Baird and Rep. Eddie Bernice Johnson, D-Texas, released a report by the General Accounting Office recommending that scientists invited to serve on the committees be more thoroughly investigated to eliminate possible conflicts of interest, and that the process of selecting them be made more transparent.
Science need to guide politics - not be distorted to support bad politics.

Wednesday, May 19, 2004

Horsey at His Best

Check out this cartoon, which appeared in the Seattle Post Intelligencer last April about the war in Iraq:

alternate text

Tuesday, May 18, 2004

Wolfowitz Feeling the Heat

An excerpt article from an AP article carried by the Boston Globe:
As details of prison abuses in Iraq surfaced, many Democrats on Capitol Hill demanded that Defense Secretary Donald H. Rumsfeld resign. But not Sen. Carl Levin. The top Senate Democrat on a key military committee said he is wary about who might be the post-Rumsfeld secretary.

''If it would be his deputy, I don't see that that would represent a change at all in terms of the direction we should go,'' Levin told reporters this month.

Rumsfeld's deputy is Paul Wolfowitz. If Democrats are dissatisfied with Rumsfeld, that doesn't compare to the disdain some feel for the man seen as the intellectual architect of the Iraq war.
Wolfowitz, like so many other cronies in the Bush administration, needs to go.

Monday, May 17, 2004

The Disaster in Iraq

Last year we were told, many dozens of times, why going to war in Iraq was a good idea. The Bush Administration convinced countless Americans that Saddam Hussein was a real threat to the world, and conveniently ignored the threats of North Korea and al-Qaeda or the promises we made to the Afghans in the Administration's first war.

The major reason that we were going to war, we were told, was because Saddam had weapons of mass destruction. Not willing to allow diplomacy a chance (yet another outrage) the Administration moved American troops in.

Over one year later, our only victory has really been the capture of Saddam. Americans soldiers are dying in Iraq, American troops designated as "prison guards" are abusing Iraqi prisoners, and Americans have yet to find any weapons of mass destruction.

It's great that Saddam is behind bars. But Iraq has turned into a major disaster. American troops simply can't keep order in Iraq. And the war that we went into to ensure "our safety" is costing us billions and billions of dollars. Pretty much everything in Iraq right now is going badly. Consider:
  • The high cost of the war that American taxpayers are shouldering, when we chose to go our own path and ignore the UN,
  • The damage we are inflicting upon ourselves with embarrassing, humiliating scandals such as prisoner abuse,
  • The number of American troops that are tied up in Iraq, (when they could be helping in say, Afghanistan or Haiti) and dying in Iraq,
  • The fact that we have so far been unable to find any weapons of mass destruction,
  • That private contractors in Iraq are paid more than our nation's men and women in uniform,
  • That we cannot quell the violence that continues to erupt across Iraq, particularly in Fallujah,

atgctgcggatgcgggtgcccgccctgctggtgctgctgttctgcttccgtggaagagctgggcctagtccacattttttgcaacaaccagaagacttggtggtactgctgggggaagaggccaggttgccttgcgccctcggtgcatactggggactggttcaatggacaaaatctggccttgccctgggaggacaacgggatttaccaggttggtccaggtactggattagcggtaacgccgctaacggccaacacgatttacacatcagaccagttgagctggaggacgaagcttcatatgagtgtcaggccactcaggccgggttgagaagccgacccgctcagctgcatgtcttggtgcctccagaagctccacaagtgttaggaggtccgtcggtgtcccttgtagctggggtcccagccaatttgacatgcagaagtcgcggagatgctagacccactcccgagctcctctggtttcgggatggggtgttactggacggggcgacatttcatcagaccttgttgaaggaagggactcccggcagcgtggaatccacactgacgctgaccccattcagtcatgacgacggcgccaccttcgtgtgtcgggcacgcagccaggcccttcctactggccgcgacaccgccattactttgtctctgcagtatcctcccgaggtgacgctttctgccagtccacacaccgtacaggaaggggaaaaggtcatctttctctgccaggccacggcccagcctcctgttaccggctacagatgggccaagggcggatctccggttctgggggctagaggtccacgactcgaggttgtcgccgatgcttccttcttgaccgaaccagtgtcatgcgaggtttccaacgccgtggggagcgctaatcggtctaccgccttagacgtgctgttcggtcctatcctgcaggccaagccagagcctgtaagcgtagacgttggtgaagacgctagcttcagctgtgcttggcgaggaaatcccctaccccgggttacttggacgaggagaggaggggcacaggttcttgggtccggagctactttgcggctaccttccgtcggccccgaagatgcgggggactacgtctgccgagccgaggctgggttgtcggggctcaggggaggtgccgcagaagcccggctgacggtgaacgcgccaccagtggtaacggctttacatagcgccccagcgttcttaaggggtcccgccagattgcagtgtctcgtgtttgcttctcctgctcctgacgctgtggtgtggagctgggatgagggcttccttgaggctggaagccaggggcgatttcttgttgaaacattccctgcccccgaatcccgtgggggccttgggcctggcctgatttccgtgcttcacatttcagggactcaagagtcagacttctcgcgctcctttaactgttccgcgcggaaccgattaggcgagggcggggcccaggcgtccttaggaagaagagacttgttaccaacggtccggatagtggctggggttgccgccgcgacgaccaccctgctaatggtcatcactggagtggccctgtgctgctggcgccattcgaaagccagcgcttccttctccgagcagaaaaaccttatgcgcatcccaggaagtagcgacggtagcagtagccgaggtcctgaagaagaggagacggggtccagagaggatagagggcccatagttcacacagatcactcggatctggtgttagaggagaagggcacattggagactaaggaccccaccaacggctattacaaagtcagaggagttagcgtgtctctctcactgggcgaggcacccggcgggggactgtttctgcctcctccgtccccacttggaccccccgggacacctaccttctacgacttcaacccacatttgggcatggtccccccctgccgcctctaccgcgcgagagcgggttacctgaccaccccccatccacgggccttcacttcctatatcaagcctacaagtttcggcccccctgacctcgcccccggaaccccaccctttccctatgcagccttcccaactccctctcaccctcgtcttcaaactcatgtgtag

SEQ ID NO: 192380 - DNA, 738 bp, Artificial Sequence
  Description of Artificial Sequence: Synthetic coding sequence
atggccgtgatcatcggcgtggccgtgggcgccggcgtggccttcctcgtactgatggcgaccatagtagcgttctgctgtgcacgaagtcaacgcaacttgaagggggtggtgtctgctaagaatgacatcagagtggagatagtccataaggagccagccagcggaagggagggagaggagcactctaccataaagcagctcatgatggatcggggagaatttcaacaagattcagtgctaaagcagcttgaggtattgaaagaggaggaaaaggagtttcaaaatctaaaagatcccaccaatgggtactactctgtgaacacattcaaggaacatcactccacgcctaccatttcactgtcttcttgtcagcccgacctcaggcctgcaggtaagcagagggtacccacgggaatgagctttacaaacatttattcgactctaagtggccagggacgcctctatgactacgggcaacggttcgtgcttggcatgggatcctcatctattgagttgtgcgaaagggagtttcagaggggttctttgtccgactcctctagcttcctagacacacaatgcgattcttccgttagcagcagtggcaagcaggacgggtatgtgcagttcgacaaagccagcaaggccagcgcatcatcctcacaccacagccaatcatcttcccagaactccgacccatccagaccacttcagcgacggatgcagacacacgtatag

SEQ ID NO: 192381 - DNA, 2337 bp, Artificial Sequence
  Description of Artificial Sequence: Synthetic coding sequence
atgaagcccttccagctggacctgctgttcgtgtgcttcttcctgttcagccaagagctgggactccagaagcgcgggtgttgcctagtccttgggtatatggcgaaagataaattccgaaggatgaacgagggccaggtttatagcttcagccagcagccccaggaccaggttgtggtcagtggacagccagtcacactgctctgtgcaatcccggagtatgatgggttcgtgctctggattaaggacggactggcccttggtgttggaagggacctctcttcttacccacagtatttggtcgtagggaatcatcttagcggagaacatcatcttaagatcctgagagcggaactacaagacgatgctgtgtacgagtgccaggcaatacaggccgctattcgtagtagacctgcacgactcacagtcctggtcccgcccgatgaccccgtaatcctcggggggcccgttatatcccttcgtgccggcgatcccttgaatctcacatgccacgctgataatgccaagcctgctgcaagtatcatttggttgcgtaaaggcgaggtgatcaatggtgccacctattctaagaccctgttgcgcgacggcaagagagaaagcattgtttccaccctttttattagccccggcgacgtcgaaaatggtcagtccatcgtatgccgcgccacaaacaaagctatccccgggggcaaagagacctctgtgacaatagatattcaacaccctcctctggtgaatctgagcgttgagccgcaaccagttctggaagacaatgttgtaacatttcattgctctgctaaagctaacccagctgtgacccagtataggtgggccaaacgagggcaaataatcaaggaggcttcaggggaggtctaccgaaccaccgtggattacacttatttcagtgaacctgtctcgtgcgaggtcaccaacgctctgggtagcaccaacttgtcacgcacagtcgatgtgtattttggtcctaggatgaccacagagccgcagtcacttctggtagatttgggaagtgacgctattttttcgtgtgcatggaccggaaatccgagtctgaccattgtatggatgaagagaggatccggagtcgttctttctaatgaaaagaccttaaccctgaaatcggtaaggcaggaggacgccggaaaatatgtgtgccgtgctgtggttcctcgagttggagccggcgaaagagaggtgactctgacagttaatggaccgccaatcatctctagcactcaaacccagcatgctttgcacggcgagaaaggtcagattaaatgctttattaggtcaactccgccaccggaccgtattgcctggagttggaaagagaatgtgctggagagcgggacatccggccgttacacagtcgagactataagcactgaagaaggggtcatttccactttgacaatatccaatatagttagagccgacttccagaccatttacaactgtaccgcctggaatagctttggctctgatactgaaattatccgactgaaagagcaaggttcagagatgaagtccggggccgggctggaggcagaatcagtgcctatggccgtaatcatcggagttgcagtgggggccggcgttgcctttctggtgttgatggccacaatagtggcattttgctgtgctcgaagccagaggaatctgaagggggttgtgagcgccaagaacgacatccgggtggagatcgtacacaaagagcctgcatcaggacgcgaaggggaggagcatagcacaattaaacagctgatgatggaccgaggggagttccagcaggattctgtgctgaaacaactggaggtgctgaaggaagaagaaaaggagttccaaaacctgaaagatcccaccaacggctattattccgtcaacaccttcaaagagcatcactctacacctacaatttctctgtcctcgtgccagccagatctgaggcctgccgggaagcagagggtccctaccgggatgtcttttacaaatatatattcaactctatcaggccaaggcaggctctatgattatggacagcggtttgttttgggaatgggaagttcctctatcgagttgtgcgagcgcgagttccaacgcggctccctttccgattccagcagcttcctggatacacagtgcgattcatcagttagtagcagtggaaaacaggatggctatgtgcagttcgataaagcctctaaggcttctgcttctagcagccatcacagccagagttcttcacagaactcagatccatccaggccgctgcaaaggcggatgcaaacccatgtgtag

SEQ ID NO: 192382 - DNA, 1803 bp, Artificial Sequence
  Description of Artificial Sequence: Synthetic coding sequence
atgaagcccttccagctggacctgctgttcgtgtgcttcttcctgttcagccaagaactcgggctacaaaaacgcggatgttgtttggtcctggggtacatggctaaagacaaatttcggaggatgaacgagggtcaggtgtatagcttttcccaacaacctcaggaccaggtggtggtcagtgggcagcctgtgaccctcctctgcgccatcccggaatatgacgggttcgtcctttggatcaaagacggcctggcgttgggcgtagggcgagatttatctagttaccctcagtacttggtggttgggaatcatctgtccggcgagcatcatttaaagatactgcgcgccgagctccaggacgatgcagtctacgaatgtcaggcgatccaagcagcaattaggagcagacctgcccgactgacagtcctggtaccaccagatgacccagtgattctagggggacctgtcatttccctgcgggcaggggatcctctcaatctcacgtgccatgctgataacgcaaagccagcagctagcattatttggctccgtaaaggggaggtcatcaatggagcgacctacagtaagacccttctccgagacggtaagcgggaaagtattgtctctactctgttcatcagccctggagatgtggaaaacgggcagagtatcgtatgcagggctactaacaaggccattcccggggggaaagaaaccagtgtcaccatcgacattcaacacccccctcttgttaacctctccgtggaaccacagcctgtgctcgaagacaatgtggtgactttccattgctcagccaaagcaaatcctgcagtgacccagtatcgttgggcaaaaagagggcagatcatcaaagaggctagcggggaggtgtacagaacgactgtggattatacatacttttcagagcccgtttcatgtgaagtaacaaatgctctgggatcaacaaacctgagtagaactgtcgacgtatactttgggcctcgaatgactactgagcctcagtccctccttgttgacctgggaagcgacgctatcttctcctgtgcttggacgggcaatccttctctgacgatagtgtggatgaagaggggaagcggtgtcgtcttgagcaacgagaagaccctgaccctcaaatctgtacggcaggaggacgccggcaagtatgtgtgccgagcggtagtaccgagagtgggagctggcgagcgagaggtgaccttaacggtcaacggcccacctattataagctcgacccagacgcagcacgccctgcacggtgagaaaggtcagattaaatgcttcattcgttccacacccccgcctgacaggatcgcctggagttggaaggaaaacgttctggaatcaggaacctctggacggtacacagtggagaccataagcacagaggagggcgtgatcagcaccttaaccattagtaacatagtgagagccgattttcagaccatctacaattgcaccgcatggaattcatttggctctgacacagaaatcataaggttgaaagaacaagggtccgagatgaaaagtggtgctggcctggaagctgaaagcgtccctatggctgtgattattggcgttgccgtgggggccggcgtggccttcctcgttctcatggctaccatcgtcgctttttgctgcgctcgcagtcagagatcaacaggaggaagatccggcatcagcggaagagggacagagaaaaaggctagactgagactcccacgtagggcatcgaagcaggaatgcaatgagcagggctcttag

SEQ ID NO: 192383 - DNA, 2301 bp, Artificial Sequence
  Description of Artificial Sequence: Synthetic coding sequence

• That we went into Iraq after having invaded another country and not sustaining our commitments to that country (Afghanistan),
  • We have a double standard we practice in our dealings with other countries thanks to this administration's policy of choosing to ignore the world community and world opinion,
  • That the administration expects our soldiers to be treated respectfully and under the Geneva Conventions by their captors when we abuse our prisoners and refuse to recognize their rights,
  • That this war was proposed, planned, and executed for the benefit of major corporations like Halliburton
  • That this Administration now plans to hand over leadership in Iraq to the Iraqis on June 30th, when the Iraqis are clearly not ready for the transition
Iraq has been a disaster for America. Will it be possible to correct the mistakes we have made and ensure that we leave Iraq better than we found it? Probably not if we can't get rid of George W. Bush.

Monday, May 10, 2004

Bush approval hits new lows in poll

No surprise why:
President Bush holds a single-point lead over Democratic challenger John Kerry in the latest CNN/USA Today/Gallup poll of likely voters, but voters' approval of Bush's performance and support for the war in Iraq dropped to new lows in the survey.

With nearly six months remaining before the November election, Bush led Kerry 48 percent to 47 percent in the survey -- a reversal of a poll taken last week, which found the Massachusetts senator with a 1-point edge, 49-48.
CNN has more.

Donald Rumsfeld should resign

Recently, we've been hearing a lot of news about the prisoner abuse in Iraq. NPI is disgusted that this administration did not bother to disclose the problems happening in Iraq. Instead, a leak and CBS's 60 Minutes was required to bring this to the attention of the American public. This failure does not rest simply with the troops that committed these atrocities. Higher leadership is also responsible, and this authority ultimately rests with Rumsfeld.

Read the editorials:

Monday, May 03, 2004

Democrats sick of being shafted

Republicans are abusing power again:
Senate Democrats, shut out of Congressional negotiations on Medicare and other important bills last year, are blocking House-Senate negotiations on other bills unless they are guaranteed a voice in writing the final legislation.

The tactic has infuriated Republicans and contributed to election-year paralysis as the House and Senate struggle to work out compromises needed to make law. The conflict intensified late last week and almost caused a partial shutdown of the Transportation Department.
Read the rest of this article at the New York Times.